To be sure, dear brothers and sisters, all interior renewal is born of the encounter between our human misery and God’s mercy, and it develops through poverty of spirit, which allows the Holy Spirit to enrich us. Here too, we can think of the clear teaching of many spiritual masters, including, once again, Saint Isaac: “Those who acknowledge their sins… are greater than those who by their prayers raise the dead. Those who weep for an hour over their sins are greater than those who serve the whole world by contemplation… Those who are blessed with self-knowledge are greater than those blessed with the vision of angels”. [9]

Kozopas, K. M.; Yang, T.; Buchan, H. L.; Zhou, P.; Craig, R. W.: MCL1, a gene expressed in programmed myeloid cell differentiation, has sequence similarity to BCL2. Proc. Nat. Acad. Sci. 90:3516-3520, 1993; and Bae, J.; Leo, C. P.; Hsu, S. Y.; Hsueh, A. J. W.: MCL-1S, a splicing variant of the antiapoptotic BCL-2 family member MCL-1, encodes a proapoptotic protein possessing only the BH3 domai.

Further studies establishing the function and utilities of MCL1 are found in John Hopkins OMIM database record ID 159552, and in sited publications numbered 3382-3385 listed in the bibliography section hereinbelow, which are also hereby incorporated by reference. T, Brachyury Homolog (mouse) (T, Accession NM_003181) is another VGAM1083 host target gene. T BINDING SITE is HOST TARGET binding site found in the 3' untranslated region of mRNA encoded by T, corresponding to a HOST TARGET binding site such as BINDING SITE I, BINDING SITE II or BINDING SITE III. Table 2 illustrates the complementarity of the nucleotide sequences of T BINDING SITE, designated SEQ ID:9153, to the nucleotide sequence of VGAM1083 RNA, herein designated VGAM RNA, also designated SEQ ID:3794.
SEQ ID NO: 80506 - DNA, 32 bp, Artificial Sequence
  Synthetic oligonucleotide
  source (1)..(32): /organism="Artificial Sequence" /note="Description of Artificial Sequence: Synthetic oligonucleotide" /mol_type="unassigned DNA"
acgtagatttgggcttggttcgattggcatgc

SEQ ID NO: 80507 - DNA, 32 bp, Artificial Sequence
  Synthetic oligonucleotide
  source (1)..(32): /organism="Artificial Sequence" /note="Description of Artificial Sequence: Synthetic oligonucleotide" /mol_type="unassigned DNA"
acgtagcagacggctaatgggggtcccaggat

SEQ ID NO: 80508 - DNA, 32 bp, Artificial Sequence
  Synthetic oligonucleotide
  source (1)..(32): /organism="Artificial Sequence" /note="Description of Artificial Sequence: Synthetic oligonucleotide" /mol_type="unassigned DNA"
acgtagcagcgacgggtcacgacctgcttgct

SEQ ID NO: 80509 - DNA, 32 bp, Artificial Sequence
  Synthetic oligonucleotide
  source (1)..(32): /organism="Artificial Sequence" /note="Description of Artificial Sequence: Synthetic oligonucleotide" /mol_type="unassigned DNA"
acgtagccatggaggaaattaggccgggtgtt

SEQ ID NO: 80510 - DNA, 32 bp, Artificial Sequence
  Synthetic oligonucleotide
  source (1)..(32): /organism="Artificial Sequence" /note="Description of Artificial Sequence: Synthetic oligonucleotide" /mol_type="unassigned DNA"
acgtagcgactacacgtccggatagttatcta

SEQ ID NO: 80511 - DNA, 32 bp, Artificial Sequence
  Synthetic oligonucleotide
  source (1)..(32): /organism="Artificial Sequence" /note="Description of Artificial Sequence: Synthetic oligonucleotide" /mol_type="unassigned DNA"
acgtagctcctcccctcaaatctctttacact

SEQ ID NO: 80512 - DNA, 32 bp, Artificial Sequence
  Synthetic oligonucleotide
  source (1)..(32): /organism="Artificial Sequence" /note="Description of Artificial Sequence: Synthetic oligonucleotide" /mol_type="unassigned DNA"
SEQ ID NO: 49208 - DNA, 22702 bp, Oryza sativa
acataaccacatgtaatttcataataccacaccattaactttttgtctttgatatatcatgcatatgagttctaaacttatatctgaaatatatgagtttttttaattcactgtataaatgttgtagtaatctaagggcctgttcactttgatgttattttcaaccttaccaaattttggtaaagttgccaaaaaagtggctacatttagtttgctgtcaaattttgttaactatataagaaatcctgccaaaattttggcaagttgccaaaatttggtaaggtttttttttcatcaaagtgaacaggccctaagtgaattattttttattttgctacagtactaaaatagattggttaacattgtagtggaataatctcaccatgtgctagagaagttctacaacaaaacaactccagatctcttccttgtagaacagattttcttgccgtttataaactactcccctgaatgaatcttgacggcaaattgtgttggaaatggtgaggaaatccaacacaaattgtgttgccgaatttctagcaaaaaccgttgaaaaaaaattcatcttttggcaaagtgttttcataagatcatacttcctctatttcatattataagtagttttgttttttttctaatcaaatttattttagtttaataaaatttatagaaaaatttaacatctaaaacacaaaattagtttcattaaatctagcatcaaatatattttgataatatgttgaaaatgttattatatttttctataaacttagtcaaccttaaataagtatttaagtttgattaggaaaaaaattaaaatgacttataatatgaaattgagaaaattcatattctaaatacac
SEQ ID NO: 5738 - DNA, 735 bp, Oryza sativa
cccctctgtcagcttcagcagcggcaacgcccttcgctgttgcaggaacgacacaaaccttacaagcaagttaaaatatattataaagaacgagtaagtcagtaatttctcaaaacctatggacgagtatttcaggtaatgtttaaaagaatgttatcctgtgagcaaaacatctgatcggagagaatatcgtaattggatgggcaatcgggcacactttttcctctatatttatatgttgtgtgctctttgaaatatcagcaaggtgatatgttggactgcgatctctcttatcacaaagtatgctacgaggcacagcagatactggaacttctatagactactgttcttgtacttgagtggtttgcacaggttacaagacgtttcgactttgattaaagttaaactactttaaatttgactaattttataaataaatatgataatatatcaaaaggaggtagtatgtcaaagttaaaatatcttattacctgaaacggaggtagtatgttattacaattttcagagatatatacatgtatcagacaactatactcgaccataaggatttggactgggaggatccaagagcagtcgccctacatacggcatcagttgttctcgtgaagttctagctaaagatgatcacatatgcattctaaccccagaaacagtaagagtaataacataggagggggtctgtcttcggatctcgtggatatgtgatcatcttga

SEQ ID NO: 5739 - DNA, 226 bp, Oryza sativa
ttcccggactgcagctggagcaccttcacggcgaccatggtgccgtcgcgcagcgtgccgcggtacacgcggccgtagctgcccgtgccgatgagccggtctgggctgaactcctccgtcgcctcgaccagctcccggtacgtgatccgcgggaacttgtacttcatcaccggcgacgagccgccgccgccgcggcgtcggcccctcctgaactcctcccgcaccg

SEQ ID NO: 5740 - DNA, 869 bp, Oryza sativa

Brother priests, let us look to ourselves and ask ourselves what part compunction and tears play in our examination of conscience and our prayers.  Let us ask whether, with the years that pass, our tears increase. In nature, the older we become, the less we weep. In the life of the spirit, however, we are asked to become like children (cf. Mt 18:3): if we fail to weep, we regress and grow old within, whereas those whose prayer becomes simpler and deeper, grounded in adoration and wonder in the presence of God, grow and mature. They become less attached to themselves and more attached to Christ. Made poor in spirit, they draw closer to the poor, those who are most dear to God. As Saint Francis of Assisi wrote in his testament, those whom we used to keep at a distance now become our dear companions. [10] So it is that those who feel compunction of heart increasingly feel themselves brothers and sisters to all the sinners of the world, setting aside airs of superiority and harsh judgments, and filled with a burning desire to show love and make reparation.